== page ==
I don't think infertility is the will of God. But I'm equally unconvinced that you can take fertility drugs, find yourself pregnant with a litter, and then say, "oh! It's the will of God!" At the very least, you have to think about what kind of shitty theology that produces. If God really goes around interfering directly in people's reproductive systems, then what about a couple who tries IVF seven times and never succeeds? Is that the will of God? What about someone who gets pregnant with six babies, who are born prematurely and all die within the first month? Where's God there? And where's your personal responsibility?

Well. Enough of that for now. Their decision is entirely personal, of course, and it doesn't matter a bit what I think about it, as far as they're concerned. But infertility is such a misunderstood reality that I get frustrated when the little information that's actually out there leads to even more misunderstandings. Just for the fun of it, I'd like to clear up a few things. In honor of the eight babies, here are eight truths about least for me:

1. Not all fertility treatments will lead to having eight babies.

2. In-vitro fertilization is actually the best way to AVOID having eight babies.

3. Saying "just relax" is not helpful. Infertility is not caused by not relaxing. Go tell a cancer patient to "just relax" and see how that goes over.

4. We, the infertile women and men of America, do not want to hear about how your "best friend's cousin's neighbor's co-worker" got pregnant right after she gave up trying to get pregnant and adopted instead. These stories are 1.) largely apocryphal and 2.) not helpful anyway.

5. We are not being bitter when we remain convinced that someone who has not endured infertility simply does not understand the heartbreak of it. It's just true.

6. It is not the responsibility of the infertile to adopt all the needy children of the world.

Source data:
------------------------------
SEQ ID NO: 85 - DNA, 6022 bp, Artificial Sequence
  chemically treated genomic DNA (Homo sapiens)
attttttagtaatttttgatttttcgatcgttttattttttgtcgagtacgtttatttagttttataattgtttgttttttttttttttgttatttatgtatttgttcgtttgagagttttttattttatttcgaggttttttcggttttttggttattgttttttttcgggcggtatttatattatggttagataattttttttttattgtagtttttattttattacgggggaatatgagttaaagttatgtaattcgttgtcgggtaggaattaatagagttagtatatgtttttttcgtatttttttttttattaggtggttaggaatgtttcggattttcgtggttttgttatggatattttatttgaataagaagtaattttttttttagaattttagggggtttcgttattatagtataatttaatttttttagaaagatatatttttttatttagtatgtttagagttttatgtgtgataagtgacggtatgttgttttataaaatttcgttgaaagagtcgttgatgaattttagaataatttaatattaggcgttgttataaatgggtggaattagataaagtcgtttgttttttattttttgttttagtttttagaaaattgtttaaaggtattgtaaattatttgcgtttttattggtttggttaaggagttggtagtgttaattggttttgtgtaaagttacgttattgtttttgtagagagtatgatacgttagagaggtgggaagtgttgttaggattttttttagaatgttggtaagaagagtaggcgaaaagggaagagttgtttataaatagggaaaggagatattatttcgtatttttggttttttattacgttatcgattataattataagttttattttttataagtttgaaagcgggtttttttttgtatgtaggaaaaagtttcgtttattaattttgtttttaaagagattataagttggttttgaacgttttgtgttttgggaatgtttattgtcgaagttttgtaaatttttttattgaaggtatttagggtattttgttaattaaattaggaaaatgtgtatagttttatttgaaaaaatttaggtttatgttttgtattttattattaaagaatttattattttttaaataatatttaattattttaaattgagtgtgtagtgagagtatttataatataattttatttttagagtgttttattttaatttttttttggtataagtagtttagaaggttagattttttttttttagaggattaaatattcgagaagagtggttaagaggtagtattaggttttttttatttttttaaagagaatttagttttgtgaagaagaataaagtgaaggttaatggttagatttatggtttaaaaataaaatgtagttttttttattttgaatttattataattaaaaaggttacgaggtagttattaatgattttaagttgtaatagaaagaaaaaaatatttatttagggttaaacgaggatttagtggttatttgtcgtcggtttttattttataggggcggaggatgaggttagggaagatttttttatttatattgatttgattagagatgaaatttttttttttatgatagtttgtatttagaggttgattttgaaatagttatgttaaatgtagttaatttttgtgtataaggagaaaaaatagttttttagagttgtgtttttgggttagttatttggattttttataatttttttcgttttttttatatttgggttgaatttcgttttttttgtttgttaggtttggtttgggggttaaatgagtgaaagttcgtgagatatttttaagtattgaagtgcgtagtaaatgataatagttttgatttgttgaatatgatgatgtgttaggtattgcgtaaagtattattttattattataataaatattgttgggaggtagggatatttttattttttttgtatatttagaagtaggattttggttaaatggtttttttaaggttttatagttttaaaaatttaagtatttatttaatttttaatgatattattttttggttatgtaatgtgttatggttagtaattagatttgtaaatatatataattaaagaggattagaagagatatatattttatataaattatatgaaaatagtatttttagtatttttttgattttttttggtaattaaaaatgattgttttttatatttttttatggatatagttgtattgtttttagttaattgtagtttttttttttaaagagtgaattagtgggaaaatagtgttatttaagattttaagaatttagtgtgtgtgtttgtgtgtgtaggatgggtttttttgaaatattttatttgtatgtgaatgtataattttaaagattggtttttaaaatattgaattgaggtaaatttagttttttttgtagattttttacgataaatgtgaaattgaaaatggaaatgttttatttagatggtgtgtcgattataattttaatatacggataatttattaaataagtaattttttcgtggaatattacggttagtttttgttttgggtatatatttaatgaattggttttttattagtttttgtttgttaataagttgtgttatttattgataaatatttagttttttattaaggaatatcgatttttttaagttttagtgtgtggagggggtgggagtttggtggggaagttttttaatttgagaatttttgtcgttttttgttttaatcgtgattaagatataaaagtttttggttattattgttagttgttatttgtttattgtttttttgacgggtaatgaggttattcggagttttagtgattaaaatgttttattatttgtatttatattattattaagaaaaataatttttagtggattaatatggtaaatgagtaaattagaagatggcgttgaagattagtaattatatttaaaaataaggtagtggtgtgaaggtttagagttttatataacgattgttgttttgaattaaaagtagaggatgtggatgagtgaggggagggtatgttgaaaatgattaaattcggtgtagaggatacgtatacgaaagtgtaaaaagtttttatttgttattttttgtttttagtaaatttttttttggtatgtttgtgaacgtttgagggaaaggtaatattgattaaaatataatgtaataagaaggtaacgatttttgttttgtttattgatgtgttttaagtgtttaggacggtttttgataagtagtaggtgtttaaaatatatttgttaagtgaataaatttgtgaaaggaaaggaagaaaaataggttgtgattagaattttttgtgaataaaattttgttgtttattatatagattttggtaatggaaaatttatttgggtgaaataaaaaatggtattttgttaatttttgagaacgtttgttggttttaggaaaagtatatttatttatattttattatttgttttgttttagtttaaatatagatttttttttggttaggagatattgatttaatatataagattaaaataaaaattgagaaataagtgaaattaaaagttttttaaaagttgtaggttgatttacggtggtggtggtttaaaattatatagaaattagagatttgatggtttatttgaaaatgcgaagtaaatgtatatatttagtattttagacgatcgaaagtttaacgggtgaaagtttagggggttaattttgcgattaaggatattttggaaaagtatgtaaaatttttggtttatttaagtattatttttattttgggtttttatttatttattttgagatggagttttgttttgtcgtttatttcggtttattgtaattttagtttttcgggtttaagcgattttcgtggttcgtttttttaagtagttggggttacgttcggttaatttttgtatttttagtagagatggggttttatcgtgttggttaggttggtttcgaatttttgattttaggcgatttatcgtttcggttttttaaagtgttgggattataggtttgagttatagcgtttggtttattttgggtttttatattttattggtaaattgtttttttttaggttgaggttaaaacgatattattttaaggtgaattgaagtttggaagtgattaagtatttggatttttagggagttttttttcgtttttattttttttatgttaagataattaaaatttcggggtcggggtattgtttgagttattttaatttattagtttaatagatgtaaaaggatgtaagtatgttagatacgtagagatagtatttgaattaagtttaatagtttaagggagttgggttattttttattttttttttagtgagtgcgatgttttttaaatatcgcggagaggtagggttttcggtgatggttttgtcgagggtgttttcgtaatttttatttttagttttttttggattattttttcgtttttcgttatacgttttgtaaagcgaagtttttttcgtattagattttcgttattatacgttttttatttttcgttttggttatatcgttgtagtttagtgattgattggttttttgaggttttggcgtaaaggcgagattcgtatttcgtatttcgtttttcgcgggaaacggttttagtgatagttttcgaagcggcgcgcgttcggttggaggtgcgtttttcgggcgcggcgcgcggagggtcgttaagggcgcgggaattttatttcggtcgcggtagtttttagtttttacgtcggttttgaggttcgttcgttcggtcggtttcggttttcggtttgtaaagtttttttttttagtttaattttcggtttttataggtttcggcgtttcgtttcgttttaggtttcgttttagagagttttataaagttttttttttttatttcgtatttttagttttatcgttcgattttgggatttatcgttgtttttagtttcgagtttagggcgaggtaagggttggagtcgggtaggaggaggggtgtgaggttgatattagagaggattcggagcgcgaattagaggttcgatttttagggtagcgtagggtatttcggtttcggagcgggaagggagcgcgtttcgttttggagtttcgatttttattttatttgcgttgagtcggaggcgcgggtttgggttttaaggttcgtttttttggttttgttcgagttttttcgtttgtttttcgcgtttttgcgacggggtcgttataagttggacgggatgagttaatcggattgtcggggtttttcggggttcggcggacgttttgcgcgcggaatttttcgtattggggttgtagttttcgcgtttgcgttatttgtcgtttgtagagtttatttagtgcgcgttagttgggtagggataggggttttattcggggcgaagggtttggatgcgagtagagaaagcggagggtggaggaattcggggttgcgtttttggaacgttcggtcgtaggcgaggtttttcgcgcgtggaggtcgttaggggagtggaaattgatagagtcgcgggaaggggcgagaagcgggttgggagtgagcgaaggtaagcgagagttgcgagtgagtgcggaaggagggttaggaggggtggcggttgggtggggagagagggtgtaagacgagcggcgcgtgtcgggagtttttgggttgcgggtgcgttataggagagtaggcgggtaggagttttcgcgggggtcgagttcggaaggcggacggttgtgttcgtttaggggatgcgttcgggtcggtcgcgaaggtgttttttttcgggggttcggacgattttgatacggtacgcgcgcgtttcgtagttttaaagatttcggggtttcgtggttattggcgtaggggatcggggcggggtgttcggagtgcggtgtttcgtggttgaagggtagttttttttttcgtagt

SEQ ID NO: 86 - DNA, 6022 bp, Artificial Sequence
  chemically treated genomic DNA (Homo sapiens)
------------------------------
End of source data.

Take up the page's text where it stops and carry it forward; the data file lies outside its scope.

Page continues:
7. Requiring fertility coverage on insurance plans actually decreases the cost of health care. Infertility is a medical condition. Any insurance plan that covers Viagra ought damn well to cover fertility treatments.

8. It is not at all inconsistent that I keep my fertility struggle largely secret and yet expect every celebrity who just happens to give birth to twins at age 43 to admit to any and all fertility treatments. I know this sounds totally inconsistent. Trust me. I have a little magic formula in my head to make this all work out.

Be well, eight babies and mom. As much as I disagree with your decision, I hope with all my heart that you're healthy and thriving. And God knows I hope never to have to face a decision about reducing the number of babies in a pregnancy. Right now, I'm just hoping for one.

ready, set, go

I have a love-hate relationship with roller coasters. I love the parts where you're rocketing down a hill, tearing around a corner - I'm terrified in those moments, for sure, but I love them all the same. On the other hand, I hate the moment when you're crawling up that first big incline, realizing it's now too late to get off, listening to that "tick, tick, tick" sound which means the big drop is just about to happen, and you think, I'm an idiot for being on this thing, I'm insane, why on earth did I do this, get me the hell out of here. Love-hate.